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Title: An in vitro study investigating the effect of Bacillus Calmette-Guerin on V62+ T-cell responses to tumour cells
Author: Fenn, Joe
ISNI:       0000 0004 8502 879X
Awarding Body: St George's, University of London
Current Institution: St George's, University of London
Date of Award: 2019
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V62+ cells are a subset of unconventional T-cells which comprise about 1 in 40 memory T-cells in the adult peripheral blood. Their TCR is specialized to recognise small pyrophosphate antigens (pAgs) in the context of the presenting molecule butyrophilin 3A1 (BTN3A1). pAgs, such as isopentenyl pyrophosphate (IPP), are produced endogenously and often exist at elevated levels in malignantly transformed cells as a result of metabolic dysregulation, hence V62+ cells are able to recognise and kill some cancerous cells. In tumour cells in which IPP production is not dysregulated, its overproduction can be induced using bisphosphonate drugs such as Zoledronic acid (ZA). This has led to a number of clinical trials investigating methods to harness the anti-tumour properties of V62+ cells to develop novel cancer immunotherapies. Other pAgs, such as (E)-4-hydroxy-3-methyl-but-2-enyl-pyrophosphate (HMBPP) are produced by a range of bacteria during normal metabolism. The mycobacterium Bacillus Calmette-Guerin (BCG) is an example of a bacterium that produces HMBPP, a feature which causes BCG-infected cells to be susceptible to recognition and killing by V62+ cells. The ability of V62+ cells to respond to both malignant cells and BCG led to the hypothesis that BCG could be used therapeutically to stimulate V52+ cells in order to potentiate their anti-tumour responses. Experiments presented in this thesis aimed to characterise V62+ cell phenotypic markers, investigate their modulation during expansion of V62+ cells using ZA, and assess associations between phenotype and anti-tumour responses. Results showed that upregulation of CD56 occurred during expansion and that expression of this molecule was associated with enhanced cytotoxic responses by VS2+ cells. Methods to expand V62+ cells using BCG were optimised and a model of BCG infection was established. These methods were used to compare the responses of ZA-expanded and BCG-expanded V62+ cells to both tumour cells and BCG-infected cells. The results showed that BCG-expanded V62+ cells elicited more potent anti-tumour responses than ZA-expanded cells to both targets as assessed by cytotoxicity and cytokine release assays. These results support the idea that BCG could be useful therapeutically to induce anti-tumour V52+ cell responses.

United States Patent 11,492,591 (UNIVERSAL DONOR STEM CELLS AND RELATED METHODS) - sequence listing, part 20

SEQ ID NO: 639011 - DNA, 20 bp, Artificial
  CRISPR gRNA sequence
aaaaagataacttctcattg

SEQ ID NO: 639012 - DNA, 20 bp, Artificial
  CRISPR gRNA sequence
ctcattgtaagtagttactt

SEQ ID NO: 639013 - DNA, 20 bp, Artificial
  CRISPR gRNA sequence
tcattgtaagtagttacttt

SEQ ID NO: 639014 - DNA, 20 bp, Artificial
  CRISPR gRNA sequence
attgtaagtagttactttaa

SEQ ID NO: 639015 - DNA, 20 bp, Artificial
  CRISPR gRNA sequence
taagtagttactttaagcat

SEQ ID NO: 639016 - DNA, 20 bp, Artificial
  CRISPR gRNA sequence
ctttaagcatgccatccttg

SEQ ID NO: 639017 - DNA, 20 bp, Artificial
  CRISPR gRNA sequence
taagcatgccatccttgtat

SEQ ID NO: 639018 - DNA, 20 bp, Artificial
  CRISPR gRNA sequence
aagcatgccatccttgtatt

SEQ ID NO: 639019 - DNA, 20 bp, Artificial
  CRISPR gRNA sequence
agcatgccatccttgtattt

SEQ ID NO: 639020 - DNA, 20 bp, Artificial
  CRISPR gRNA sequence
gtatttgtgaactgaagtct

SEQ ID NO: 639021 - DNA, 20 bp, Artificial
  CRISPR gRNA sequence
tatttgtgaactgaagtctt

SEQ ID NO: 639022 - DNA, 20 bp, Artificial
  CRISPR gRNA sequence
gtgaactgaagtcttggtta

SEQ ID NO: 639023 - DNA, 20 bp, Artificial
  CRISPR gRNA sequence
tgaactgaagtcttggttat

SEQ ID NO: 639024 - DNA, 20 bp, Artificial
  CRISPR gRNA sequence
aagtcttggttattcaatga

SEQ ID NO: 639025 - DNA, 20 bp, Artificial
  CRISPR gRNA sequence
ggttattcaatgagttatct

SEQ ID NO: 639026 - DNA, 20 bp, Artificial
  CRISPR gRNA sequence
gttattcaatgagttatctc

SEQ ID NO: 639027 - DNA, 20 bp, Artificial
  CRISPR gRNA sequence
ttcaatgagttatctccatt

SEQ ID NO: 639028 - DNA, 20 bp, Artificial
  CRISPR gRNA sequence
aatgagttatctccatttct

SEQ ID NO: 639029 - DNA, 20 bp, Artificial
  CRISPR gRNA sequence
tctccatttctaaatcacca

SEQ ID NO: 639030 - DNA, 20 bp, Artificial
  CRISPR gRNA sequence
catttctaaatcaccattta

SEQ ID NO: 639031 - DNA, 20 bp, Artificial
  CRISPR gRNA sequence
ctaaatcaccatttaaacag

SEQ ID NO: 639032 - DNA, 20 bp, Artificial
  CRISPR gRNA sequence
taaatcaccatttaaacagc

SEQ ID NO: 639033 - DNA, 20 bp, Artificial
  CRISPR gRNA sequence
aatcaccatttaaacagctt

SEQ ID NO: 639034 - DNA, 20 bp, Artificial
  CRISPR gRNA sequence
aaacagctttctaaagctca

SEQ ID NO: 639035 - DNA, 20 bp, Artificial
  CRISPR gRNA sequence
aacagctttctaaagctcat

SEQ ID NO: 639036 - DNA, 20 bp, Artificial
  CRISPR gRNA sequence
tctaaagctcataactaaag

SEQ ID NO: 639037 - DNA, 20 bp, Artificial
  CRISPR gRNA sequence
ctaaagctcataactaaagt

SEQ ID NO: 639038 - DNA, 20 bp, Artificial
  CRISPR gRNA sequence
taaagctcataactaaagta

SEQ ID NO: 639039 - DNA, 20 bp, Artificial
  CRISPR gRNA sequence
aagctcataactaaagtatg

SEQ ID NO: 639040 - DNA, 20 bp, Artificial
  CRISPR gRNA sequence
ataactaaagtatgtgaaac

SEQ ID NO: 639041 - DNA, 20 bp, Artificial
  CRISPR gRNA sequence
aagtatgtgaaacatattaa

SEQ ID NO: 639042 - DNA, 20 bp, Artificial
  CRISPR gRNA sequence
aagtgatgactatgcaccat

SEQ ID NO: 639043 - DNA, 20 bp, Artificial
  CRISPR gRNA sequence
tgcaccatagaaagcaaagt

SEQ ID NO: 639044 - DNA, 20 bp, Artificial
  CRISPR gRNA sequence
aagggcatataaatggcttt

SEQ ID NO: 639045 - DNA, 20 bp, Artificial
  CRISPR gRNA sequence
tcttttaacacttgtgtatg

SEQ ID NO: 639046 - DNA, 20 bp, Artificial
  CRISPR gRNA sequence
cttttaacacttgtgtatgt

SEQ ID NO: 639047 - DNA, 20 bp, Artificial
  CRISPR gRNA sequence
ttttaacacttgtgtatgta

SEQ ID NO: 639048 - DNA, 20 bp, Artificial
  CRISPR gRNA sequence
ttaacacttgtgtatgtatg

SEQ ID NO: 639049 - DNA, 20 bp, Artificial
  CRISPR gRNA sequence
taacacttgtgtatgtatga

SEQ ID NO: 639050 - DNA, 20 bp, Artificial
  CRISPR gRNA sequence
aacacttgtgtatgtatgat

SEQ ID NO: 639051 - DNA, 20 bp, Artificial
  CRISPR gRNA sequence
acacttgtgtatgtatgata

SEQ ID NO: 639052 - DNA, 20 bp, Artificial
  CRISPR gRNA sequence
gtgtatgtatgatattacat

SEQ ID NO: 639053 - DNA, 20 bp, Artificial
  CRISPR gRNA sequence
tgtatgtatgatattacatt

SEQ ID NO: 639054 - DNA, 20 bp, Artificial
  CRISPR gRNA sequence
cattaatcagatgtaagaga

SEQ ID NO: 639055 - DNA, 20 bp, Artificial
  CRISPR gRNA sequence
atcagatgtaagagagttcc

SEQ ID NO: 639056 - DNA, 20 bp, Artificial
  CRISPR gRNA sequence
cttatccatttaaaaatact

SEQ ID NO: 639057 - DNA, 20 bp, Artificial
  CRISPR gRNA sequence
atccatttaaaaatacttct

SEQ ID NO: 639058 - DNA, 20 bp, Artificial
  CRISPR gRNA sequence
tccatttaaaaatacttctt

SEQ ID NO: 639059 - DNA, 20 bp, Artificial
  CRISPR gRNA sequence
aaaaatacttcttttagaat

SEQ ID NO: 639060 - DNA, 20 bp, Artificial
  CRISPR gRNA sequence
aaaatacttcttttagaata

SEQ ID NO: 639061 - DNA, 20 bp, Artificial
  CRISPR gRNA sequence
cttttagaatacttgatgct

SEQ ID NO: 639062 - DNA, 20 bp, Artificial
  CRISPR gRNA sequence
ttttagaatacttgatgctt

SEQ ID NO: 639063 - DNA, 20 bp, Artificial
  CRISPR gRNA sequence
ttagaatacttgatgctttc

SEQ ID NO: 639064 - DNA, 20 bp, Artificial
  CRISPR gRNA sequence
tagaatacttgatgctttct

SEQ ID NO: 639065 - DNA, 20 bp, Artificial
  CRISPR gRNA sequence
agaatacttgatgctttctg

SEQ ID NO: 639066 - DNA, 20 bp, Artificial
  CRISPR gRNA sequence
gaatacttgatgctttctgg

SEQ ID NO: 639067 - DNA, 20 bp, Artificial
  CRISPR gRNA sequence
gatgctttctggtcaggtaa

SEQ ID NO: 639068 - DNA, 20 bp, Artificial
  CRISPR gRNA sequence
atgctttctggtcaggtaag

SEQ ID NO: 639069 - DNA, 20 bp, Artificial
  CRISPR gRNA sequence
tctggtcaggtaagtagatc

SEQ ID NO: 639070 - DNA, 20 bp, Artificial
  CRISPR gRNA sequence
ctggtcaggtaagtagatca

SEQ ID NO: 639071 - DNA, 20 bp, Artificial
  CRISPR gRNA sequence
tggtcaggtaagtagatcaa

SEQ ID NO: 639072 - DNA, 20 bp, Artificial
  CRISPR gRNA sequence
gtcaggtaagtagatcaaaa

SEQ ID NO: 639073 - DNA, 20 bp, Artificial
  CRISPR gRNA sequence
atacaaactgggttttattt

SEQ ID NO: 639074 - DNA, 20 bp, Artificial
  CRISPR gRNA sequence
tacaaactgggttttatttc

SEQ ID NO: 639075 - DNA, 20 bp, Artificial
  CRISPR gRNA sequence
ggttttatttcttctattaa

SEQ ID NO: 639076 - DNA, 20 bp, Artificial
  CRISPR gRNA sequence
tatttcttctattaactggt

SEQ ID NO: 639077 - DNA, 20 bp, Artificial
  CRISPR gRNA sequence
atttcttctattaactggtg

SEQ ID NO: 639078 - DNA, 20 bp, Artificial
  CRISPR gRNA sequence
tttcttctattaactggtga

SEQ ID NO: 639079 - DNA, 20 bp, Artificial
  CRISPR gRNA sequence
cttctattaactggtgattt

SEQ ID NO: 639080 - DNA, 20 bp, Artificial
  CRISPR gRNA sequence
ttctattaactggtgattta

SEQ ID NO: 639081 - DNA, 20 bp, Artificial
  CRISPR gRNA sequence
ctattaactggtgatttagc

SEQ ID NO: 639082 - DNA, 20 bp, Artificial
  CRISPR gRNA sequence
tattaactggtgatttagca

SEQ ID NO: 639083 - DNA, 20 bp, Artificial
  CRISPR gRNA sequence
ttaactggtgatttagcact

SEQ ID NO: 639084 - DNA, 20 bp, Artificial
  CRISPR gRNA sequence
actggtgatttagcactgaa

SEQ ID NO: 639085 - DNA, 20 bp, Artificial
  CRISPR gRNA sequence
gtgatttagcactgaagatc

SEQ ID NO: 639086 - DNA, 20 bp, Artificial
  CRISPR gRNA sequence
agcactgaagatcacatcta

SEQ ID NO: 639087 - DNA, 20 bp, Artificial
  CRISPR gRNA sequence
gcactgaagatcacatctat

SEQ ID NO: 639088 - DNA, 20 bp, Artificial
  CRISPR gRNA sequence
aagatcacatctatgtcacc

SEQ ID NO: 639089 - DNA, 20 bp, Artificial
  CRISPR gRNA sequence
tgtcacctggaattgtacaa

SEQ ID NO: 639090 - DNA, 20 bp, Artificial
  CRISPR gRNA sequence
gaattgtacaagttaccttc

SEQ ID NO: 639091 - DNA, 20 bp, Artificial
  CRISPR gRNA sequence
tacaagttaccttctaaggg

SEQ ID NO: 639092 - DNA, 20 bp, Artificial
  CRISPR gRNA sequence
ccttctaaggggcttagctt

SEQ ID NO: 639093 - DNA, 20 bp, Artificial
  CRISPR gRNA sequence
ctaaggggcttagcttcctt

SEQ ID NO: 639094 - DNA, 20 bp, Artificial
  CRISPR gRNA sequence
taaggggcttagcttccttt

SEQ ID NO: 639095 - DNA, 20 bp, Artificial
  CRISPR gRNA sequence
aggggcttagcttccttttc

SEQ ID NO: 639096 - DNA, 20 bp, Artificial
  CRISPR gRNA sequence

Supervisor: Not available Sponsor: Not available
Qualification Name: Thesis (Ph.D.) Qualification Level: Doctoral
EThOS ID:  DOI: Not available